I found that I enjoyed this book, wanted to know what happened, and read it every opportunity I could find. I freely admit to emotionally reacting throughout. I was initially disappointed in the simplistic approach to mental health illustrated in the fellow inmates, however balanced this against the consideration that the perspective is Emily’s point of view and as such as simplified by her level of understanding of their issues. Emily is flawed, but you find you want her to be ok. But of course, we know where she ends up so she is not going to be.
The lead character Emily Koll is spoiled romantic. She studies the world in detail, is rebellious but weak. This nature is very well written. The plot is slowly uncovered and with Emily being so unstable, you are never sure what will happen next.
I was pleased at the elements of humour in this novel. Any writer that can surprise you with a laugh will go far.
The chapters are very short which will appeal to young readers and others that read in short intervals.
Overall this is a book which will appeal much more to a younger readership than to mature readers. Tanya Byrne is clearly a writer with a lot of potential but for me this debut novel is a marginal miss.
Do I have a negative? Of course. We'd all write a book differently if we'd been the author and, in my own personal opinion, the scenes inside the institution weren't as good as those outside. Maybe a psychiatric unit is too small, too insular, to carry the development of so many themes and characters.
Heart Shaped Bruise is hard hitting, thought provoking and unique.
Most Recent Customer Reviews
I only got to page 62 before giving up. It just wasn't for me and I couldn't get into it at all. Other reviewers say it's more suited for young adults, I think they might be right.Published 3 days ago by Vicky Craig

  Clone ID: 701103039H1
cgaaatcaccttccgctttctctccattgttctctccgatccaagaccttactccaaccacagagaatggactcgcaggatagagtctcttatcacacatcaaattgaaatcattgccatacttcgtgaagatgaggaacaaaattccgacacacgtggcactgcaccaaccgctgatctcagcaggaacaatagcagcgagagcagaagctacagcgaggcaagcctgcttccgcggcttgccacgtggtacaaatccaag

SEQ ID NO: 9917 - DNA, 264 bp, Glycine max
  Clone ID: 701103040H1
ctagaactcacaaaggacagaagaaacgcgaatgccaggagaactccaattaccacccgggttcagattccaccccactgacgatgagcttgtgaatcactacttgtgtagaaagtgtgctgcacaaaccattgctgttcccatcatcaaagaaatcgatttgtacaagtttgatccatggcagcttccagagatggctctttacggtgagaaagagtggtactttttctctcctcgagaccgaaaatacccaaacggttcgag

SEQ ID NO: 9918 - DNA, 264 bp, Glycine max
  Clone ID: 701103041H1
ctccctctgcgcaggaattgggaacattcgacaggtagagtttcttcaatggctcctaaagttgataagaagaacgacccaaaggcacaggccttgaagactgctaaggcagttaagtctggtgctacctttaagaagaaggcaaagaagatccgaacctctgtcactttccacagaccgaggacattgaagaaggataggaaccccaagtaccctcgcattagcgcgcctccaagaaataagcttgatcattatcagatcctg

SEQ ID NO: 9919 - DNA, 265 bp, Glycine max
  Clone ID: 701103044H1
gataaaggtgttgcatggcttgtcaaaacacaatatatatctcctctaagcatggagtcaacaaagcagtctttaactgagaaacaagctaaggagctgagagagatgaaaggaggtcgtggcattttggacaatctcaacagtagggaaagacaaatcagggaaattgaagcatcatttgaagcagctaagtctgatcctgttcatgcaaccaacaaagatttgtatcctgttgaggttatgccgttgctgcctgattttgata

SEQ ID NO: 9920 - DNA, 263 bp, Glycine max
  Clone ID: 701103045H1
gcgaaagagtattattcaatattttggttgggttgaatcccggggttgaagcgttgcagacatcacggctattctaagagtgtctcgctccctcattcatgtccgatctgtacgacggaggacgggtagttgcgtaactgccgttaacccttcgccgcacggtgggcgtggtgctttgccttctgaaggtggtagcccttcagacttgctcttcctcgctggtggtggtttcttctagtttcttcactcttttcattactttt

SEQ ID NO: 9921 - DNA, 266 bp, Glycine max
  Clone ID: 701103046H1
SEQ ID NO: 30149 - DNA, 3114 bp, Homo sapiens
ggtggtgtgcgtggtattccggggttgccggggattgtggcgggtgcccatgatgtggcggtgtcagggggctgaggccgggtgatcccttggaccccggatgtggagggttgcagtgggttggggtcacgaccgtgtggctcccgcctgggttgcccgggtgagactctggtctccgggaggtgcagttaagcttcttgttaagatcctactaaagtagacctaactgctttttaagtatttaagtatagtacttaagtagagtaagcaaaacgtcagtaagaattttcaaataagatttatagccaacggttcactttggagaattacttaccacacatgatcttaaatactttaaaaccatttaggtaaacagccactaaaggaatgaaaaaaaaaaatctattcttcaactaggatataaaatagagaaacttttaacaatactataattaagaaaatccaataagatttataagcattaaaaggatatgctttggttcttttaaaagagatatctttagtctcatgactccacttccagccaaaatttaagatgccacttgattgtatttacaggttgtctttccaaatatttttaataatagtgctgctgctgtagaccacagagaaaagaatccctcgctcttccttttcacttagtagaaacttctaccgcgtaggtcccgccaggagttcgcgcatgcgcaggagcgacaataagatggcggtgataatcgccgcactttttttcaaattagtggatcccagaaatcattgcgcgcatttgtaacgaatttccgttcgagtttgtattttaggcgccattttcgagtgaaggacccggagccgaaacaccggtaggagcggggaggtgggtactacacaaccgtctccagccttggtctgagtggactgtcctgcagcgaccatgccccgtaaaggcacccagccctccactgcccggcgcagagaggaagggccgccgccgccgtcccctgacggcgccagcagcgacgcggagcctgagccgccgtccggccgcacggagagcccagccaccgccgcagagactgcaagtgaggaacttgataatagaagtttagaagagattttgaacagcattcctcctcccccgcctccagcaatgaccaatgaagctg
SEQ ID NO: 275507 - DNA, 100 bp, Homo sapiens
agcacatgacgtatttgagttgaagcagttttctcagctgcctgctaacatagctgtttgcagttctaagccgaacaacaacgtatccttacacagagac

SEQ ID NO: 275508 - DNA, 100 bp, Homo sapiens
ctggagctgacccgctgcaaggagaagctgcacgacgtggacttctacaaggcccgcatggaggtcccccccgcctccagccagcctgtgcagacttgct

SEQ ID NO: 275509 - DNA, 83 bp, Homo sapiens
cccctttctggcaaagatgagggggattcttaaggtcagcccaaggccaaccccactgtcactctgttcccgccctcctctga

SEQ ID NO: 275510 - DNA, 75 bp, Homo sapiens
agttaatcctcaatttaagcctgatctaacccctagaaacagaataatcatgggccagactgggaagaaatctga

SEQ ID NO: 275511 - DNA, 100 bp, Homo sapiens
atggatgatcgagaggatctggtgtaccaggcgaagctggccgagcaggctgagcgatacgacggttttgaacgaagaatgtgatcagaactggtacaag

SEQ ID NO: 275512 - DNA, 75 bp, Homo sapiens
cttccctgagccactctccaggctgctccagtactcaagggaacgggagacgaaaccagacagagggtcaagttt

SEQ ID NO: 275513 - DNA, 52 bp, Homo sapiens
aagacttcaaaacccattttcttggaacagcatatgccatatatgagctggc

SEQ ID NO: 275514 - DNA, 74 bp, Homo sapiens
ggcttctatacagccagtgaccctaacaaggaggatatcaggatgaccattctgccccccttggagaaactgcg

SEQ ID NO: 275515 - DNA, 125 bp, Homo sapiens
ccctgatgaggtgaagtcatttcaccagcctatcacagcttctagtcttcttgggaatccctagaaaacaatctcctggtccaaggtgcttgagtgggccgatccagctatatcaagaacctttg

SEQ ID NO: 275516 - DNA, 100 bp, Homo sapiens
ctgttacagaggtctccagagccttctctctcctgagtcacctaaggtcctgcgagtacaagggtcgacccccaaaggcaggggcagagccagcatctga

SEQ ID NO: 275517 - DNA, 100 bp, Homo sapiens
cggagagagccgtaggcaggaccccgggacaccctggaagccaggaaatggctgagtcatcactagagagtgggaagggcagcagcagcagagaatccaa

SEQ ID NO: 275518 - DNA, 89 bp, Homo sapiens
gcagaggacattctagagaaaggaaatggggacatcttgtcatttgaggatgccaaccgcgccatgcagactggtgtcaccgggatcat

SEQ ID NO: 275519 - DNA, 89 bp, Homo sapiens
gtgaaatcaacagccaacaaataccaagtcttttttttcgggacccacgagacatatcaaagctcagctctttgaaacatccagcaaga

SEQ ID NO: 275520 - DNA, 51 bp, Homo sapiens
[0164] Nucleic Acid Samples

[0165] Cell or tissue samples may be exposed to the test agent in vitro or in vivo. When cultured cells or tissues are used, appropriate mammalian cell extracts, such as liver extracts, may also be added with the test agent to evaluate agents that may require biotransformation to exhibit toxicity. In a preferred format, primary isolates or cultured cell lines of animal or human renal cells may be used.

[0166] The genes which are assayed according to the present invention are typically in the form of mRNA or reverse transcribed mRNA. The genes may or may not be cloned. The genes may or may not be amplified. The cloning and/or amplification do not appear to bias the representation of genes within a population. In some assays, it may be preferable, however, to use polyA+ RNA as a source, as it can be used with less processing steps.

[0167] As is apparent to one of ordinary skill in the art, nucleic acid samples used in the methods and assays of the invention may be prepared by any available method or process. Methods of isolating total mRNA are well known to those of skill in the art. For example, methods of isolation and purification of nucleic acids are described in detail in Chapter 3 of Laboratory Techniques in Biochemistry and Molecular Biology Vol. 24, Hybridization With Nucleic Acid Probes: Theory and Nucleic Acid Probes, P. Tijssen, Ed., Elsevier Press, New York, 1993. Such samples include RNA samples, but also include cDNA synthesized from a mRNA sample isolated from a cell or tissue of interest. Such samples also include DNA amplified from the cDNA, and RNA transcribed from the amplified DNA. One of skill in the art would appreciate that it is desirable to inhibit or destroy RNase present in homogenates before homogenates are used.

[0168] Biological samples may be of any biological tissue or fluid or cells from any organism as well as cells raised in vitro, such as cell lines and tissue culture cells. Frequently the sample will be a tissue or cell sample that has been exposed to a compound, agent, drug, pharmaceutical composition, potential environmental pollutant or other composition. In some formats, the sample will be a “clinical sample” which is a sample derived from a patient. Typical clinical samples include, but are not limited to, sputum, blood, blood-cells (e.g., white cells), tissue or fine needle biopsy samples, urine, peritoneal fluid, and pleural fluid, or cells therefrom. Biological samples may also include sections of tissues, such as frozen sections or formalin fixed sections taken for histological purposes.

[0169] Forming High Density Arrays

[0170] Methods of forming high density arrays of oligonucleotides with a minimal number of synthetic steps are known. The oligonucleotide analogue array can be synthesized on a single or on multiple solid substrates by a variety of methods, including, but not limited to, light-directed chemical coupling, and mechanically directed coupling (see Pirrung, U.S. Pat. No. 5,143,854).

Thus is a brilliant , beautiful book about a girl and her story and feeling on how she ended up in a young offenders prision. Read morePublished 9 months ago by Katie Bailey
If you have ever wondered how far someone might go to get revenge then read this novel.. Awaiting her trial Emily Koll is going to tell her side of the story and challenge those... Read morePublished 9 months ago by xenofan
I absolutely loved this! I don't like to put spoilers into my reviews, so to briefly summarise the main character has her life flipped upside down when her dad is stabbed,... Read morePublished 13 months ago by CT
Emily Kroll is in a psychiatric ward of a prison when she decides to write this journal for the next girl there to find. Read morePublished 13 months ago by Brett H
On the whole a confident and assured first novel- ticks over nicely as a tale of a teenager with mental health issues incarcerated in a psychiatric unit although a bit repetitive... Read morePublished 16 months ago by Zipster Zeus
The main protagonist of this excellent yet imprecise psychological thriller is Emily Koll, and her story introduces concepts of malevolence and retribution – but in a double-edged... Read morePublished 16 months ago by D. Elliott
If you've ever tried to write an unlikable character, this is book that does it perfectly. Without appearing false or still bad. Read morePublished 17 months ago by 🐑 the lambanana 🍌
This is an easy-to-read novel which keeps up the intrigue right through the story. Told by the character Emily Koll, daughter of a gangster, who has to take on another character... Read morePublished 19 months ago by John Ferngrove